7. Maunsell907

    Maunsell907 Well-Known Member

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    You are of course correct. I should check first. The RPS archive from January 1948 to December 61 contains
    between Hellifield and Carlisle 14 logs behind Jubilees and 26 with Royal Scots. In the UP direction
    22 Royal Scots and 11 Jubilees : a small number, but hopefully representative.

    I think ( recesses of the grey matter ) the Jubilees shared duties with Patriots and Black 5s.
    The Royal Scots in the latter years with Brittanias and briefly A3s.

    But having relied on memory once this comes with a warning !

    But one thing, I cannot find any reference to a Jubilee taking more than eleven.

    Michael Rowe

    ps after posting, have seen iancawthorne’s post. I am sure this is correct.
     
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  8. 45045

    45045 New Member

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    I once witnessed what I would term a steam loco being thrashed, or you could say abused. A photographer had paid for a photo event. It was at night. He insisted that a heavy load was attached and the brakes pinned down, then open the regulator. The loco did not move. He got sparks from the wheels and out of the chimney, for his special shot. I spoke to the crew a few days later. They were extremely annoyed that they had been forced to do this by the management, to their loco, and the pway team were not impressed either.
     
  9. Maunsell907

    Maunsell907 Well-Known Member

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    There is, compared with passenger haulage, a limited amount of detailed footplate
    observations. At the risk of teaching how to suck eggs chapters 3 and 8 of Allen’s
    ‘New Light on the Locomotive Exchanges’ and BR Bulletin No.7 “WD 2-10-0 and
    2-8-0 are interesting. Heavier loads yes, lower power demands I think.

    Michael Rowe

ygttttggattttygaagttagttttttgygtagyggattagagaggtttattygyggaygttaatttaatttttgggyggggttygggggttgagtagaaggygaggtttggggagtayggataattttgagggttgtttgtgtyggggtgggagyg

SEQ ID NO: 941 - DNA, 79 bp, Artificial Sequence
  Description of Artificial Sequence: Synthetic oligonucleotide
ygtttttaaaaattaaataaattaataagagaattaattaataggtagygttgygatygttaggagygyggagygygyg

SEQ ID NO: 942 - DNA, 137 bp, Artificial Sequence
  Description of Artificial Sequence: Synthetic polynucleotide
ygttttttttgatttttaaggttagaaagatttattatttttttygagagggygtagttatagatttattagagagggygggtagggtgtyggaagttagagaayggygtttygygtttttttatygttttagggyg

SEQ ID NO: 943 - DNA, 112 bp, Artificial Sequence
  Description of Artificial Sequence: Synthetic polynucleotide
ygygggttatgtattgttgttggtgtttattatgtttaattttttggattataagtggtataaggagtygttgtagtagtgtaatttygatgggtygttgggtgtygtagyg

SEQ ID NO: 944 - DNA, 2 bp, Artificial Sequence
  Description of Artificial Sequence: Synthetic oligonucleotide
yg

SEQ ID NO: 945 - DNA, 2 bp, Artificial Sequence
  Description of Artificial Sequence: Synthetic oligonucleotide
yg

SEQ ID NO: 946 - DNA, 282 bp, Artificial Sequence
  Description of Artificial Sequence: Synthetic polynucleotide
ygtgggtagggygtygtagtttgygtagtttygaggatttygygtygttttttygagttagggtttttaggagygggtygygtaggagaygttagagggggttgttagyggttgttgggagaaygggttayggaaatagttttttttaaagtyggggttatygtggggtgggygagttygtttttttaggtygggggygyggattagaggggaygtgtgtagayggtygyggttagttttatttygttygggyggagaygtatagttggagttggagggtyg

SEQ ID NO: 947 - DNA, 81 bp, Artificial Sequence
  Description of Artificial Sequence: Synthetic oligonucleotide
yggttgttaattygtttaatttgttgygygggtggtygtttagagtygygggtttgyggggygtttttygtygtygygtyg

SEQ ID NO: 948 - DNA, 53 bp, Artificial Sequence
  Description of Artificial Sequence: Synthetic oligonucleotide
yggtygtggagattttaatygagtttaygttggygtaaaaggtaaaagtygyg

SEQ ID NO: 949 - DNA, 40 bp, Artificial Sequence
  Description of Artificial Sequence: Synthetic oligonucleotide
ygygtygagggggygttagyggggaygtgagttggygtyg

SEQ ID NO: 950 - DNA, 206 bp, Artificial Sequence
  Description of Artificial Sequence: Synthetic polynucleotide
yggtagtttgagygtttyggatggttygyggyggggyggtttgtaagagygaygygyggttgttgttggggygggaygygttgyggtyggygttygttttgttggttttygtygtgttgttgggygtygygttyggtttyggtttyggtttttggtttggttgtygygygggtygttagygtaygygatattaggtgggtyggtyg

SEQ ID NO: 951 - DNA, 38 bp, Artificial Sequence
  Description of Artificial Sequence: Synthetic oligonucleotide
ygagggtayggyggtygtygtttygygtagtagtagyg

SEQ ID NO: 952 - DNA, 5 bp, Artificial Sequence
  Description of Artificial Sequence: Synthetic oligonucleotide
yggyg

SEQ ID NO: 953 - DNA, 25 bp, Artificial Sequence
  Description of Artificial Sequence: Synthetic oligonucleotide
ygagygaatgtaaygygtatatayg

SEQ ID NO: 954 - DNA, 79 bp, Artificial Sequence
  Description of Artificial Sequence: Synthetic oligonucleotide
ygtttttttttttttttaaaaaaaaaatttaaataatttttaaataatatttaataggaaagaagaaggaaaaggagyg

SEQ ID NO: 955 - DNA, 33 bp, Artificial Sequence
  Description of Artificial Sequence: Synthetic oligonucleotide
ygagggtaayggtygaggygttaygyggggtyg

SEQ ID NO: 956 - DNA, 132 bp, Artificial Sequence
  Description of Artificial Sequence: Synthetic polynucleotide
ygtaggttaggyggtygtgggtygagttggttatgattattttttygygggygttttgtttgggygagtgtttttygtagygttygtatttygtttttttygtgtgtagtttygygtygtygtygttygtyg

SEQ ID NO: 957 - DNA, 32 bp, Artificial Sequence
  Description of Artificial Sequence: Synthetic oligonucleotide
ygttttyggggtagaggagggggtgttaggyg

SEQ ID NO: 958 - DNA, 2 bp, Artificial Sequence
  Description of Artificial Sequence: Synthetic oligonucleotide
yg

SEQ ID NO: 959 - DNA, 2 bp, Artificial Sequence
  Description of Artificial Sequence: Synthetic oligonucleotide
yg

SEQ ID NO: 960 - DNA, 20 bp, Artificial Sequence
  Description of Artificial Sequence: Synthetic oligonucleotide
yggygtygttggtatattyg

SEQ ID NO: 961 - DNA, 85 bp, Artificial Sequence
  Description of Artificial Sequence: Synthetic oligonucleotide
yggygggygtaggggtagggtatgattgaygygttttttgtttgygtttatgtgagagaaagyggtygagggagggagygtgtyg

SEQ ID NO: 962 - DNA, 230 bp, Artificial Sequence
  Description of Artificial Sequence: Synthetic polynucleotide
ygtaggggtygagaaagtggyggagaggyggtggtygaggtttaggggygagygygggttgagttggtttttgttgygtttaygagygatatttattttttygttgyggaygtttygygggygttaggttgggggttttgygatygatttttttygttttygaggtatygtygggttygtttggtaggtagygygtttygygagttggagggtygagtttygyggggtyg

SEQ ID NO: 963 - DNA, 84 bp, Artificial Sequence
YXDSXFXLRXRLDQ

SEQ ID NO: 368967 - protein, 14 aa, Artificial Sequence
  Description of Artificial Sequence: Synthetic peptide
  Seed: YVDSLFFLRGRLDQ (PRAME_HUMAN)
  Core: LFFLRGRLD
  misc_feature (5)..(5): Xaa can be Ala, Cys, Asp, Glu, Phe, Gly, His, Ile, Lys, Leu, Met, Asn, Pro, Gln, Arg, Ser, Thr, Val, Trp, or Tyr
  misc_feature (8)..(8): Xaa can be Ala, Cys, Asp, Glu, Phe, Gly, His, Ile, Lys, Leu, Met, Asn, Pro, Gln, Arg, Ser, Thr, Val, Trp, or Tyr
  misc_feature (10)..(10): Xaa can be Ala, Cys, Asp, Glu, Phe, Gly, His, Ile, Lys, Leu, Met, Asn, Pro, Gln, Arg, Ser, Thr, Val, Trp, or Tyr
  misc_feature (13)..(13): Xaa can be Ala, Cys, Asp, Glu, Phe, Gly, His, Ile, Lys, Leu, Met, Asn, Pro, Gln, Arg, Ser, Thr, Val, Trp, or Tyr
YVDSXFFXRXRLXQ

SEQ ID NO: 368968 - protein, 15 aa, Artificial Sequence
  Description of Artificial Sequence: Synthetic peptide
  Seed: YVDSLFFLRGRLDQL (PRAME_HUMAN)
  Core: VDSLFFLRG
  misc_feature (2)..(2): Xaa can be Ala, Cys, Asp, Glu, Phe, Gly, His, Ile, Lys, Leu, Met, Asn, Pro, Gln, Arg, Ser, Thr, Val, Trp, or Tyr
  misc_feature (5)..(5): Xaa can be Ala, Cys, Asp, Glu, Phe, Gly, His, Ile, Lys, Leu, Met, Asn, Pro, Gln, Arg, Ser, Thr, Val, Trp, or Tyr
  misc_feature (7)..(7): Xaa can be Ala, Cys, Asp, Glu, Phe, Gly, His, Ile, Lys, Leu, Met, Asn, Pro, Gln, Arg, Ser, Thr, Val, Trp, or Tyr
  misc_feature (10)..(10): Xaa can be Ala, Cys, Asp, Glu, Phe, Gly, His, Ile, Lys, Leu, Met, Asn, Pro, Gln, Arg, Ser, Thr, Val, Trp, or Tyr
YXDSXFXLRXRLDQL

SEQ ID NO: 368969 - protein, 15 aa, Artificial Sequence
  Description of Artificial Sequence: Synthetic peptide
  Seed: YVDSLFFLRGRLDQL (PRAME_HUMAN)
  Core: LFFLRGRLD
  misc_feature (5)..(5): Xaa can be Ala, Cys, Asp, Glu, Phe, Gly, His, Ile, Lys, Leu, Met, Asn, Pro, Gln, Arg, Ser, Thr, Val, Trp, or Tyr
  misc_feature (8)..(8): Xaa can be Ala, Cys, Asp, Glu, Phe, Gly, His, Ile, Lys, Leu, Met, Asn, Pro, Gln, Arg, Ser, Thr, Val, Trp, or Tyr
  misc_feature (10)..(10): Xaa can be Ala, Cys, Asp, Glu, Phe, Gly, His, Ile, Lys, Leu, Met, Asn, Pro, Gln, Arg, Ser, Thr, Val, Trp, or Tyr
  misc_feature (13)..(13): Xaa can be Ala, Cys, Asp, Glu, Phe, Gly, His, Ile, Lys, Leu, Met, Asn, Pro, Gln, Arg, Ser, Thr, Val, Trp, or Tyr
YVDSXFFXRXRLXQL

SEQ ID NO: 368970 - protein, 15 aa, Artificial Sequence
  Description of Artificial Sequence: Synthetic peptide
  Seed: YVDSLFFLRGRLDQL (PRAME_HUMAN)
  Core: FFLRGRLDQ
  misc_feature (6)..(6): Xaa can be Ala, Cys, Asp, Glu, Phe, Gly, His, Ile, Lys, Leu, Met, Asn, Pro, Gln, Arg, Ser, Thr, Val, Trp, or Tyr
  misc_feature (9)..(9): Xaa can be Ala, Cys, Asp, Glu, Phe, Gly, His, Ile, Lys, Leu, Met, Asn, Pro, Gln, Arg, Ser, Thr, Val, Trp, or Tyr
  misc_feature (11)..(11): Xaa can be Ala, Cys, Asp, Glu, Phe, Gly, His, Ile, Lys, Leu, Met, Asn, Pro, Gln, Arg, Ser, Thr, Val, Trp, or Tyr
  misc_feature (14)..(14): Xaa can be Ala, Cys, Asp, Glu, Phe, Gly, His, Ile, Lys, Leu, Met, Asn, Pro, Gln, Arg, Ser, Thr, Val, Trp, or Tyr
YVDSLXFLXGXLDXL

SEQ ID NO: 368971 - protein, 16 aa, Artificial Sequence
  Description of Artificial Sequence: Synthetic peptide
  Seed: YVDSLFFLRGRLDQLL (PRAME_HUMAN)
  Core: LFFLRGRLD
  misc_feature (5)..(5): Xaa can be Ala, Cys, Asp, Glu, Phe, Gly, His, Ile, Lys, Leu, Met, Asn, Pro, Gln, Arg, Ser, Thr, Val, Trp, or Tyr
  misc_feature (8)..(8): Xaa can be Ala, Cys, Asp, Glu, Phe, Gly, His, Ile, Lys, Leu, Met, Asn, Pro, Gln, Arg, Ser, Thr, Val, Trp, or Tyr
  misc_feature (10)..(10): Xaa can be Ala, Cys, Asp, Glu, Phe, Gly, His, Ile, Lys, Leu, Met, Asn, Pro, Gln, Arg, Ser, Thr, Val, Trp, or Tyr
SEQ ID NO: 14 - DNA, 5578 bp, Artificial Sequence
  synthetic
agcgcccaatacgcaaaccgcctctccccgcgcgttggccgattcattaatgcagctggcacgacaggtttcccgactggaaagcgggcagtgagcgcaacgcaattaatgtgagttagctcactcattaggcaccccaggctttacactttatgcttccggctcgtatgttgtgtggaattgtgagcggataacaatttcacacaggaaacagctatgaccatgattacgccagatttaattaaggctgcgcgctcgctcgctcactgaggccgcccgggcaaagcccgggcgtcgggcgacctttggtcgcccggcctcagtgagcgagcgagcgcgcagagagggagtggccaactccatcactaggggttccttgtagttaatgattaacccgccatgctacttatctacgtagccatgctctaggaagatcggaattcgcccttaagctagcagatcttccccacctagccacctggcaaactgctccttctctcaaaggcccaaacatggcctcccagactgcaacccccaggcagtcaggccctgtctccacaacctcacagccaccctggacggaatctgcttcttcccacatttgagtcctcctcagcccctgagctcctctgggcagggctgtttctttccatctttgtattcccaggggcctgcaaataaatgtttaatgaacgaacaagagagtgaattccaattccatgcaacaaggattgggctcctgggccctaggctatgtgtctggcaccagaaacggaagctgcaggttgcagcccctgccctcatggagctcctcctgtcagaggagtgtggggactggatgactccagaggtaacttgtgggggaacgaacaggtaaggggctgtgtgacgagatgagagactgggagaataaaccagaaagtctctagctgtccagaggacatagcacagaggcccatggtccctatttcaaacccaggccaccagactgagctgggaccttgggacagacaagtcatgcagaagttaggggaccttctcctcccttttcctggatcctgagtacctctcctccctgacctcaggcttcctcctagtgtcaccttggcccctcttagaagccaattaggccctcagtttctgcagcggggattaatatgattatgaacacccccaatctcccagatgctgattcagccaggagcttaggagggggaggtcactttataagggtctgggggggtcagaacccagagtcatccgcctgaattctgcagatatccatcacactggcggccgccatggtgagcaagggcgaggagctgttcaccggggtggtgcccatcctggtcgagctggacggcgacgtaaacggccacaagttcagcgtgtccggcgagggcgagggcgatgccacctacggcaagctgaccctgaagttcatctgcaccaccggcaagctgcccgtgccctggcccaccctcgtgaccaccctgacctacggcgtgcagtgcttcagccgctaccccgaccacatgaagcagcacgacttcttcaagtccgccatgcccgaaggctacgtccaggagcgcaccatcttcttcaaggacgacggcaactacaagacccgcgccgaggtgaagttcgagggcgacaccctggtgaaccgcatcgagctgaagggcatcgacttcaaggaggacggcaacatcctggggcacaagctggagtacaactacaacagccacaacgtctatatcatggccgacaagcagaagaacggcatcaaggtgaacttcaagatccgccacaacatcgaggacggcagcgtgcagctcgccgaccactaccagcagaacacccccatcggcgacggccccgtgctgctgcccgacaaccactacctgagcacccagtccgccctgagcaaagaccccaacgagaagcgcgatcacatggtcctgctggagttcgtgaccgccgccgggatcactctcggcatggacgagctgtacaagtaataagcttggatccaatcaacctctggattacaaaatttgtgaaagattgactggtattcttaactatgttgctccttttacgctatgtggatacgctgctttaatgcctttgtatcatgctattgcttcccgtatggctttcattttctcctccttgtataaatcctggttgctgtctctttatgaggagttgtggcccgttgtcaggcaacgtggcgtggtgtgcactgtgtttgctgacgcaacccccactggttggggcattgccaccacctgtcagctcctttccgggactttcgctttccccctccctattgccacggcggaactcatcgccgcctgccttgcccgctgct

10. Andy Williams

    Andy Williams Member

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    Why do you think that power demands would be lower?
     
  11. Dunfanaghy Road

    Dunfanaghy Road Member

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    Out of curiosity, I am used to train weights as per TOPS: i.e. including the loco weight. Is this how loads are being referred to here?
    Pat
     
  12. Jamessquared

    Jamessquared Nat Pres stalwart

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    Essentially due to lower speeds. For example, a goods engine burning 60lb/mile at 20mph is burning 20lb coal per minute. An express running at 40lb/mile at 60mph is burning 40lb / minute - twice the fuel consumption per unit time, ie twice the power output. It’s one reason why 0-6-0 goods with modest 20 sq ft grates could continue in use quite late even when passenger locos had developed to 40 sq ft or so.

    Fast fitted freights had higher power output more nearly approaching passenger levels. Of course, the freight crew had plenty of other opportunities to show high skill levels!

    Tom
     
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  13. Andy Williams

    Andy Williams Member

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    Thanks for the explanation. I was trying to make the point about locomotives being worked at or near their limits for sustained periods in the context of freight trains. In practical terms, working a heavy freight up to Ais Gill summit with a Black 5 at say 20 mph would involve full regulator and a relatively long cut-off for a sustained period of time. This time period of continuous high output would be at least twice as long as that for a passenger traim over the same distance. Firemen that I have spoken to who regularly worked over this route said that freight work was always much harder than passenger.